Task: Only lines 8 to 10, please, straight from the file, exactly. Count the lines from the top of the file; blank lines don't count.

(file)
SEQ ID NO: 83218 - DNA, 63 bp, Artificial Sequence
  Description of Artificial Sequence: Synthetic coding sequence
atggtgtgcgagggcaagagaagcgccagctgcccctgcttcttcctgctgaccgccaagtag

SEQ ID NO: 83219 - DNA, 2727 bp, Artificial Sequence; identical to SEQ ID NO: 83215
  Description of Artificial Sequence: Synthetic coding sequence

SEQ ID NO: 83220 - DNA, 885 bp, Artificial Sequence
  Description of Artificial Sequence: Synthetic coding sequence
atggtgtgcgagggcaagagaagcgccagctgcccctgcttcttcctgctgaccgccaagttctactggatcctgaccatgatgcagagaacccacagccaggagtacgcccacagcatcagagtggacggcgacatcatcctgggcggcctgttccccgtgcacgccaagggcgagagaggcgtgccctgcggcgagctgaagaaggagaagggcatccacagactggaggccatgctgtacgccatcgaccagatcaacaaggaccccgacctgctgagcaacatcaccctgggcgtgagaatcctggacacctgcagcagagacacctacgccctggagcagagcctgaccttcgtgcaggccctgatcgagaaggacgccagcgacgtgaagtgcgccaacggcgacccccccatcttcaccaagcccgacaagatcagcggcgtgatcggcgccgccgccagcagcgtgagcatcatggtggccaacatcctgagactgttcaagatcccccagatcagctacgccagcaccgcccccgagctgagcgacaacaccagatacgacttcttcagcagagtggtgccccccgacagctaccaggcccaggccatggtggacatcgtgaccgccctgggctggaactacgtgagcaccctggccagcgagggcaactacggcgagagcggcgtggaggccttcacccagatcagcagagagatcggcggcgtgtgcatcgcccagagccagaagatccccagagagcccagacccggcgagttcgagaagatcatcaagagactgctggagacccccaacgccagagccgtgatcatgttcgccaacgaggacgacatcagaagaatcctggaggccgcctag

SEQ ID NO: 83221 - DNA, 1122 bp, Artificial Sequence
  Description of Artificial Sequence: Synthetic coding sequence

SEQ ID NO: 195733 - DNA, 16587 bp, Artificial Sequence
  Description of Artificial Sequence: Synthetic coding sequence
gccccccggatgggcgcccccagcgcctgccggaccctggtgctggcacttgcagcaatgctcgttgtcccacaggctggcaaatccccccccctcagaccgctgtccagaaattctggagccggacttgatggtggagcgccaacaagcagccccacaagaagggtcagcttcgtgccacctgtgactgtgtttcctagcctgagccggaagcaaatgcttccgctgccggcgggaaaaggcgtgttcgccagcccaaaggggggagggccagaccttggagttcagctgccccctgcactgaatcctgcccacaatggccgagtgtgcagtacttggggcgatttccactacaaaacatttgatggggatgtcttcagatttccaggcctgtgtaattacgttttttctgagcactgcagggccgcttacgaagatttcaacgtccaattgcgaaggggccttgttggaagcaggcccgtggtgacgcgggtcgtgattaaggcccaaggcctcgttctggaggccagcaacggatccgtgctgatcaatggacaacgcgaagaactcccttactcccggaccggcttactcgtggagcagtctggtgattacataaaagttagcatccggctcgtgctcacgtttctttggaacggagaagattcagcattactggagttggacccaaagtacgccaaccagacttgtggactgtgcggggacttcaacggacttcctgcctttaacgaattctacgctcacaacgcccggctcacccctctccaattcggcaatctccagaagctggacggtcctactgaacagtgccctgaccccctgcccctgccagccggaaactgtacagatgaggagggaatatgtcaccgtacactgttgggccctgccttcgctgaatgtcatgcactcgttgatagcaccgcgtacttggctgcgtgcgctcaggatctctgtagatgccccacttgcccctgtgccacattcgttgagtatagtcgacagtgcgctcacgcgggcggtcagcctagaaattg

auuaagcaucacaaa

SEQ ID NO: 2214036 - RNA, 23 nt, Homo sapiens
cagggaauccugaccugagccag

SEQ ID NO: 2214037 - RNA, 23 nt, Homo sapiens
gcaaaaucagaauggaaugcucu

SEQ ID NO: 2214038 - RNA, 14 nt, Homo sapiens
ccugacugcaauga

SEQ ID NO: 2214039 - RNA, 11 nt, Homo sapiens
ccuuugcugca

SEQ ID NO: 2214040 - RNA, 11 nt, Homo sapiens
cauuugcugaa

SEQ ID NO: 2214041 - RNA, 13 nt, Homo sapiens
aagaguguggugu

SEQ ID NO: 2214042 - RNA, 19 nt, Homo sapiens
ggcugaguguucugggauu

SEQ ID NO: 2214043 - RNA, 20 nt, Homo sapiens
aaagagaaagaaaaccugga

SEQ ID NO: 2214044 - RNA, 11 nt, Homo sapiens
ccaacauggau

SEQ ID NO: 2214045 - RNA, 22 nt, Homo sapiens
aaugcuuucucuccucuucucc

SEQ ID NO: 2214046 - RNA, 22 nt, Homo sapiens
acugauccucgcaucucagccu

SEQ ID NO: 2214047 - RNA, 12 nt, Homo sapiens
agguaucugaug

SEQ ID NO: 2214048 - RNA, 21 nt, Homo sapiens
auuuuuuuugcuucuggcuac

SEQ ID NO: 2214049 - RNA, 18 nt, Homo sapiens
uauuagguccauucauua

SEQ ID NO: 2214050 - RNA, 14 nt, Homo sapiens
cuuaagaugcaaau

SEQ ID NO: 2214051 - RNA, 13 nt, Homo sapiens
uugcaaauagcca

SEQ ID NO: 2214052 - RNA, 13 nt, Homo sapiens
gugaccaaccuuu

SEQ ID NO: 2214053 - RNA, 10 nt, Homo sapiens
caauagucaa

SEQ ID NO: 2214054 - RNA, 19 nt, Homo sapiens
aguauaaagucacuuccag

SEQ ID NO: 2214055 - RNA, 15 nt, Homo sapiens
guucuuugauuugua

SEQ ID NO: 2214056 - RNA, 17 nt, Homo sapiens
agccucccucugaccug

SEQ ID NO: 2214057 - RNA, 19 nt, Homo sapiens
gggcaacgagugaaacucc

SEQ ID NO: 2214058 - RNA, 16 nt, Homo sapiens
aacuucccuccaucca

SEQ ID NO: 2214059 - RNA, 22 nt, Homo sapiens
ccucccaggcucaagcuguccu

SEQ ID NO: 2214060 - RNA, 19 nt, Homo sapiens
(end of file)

atggtgtgcgagggcaagagaagcgccagctgcccctgcttcttcctgctgaccgccaagttctactggatcctgaccatgatgcagagaacccacagccaggagtacgcccacagcatcagagtggacggcgacatcatcctgggcggcctgttccccgtgcacgccaagggcgagagaggcgtgccctgcggcgagctgaagaaggagaagggcatccacagactggaggccatgctgtacgccatcgaccagatcaacaaggaccccgacctgctgagcaacatcaccctgggcgtgagaatcctggacacctgcagcagagacacctacgccctggagcagagcctgaccttcgtgcaggccctgatcgagaaggacgccagcgacgtgaagtgcgccaacggcgacccccccatcttcaccaagcccgacaagatcagcggcgtgatcggcgccgccgccagcagcgtgagcatcatggtggccaacatcctgagactgttcaagatcccccagatcagctacgccagcaccgcccccgagctgagcgacaacaccagatacgacttcttcagcagagtggtgccccccgacagctaccaggcccaggccatggtggacatcgtgaccgccctgggctggaactacgtgagcaccctggccagcgagggcaactacggcgagagcggcgtggaggccttcacccagatcagcagagagatcggcggcgtgtgcatcgcccagagccagaagatccccagagagcccagacccggcgagttcgagaagatcatcaagagactgctggagacccccaacgccagagccgtgatcatgttcgccaacgaggacgacatcagaagaatcctggaggccgcctag

SEQ ID NO: 83221 - DNA, 1122 bp, Artificial Sequence
  Description of Artificial Sequence: Synthetic coding sequence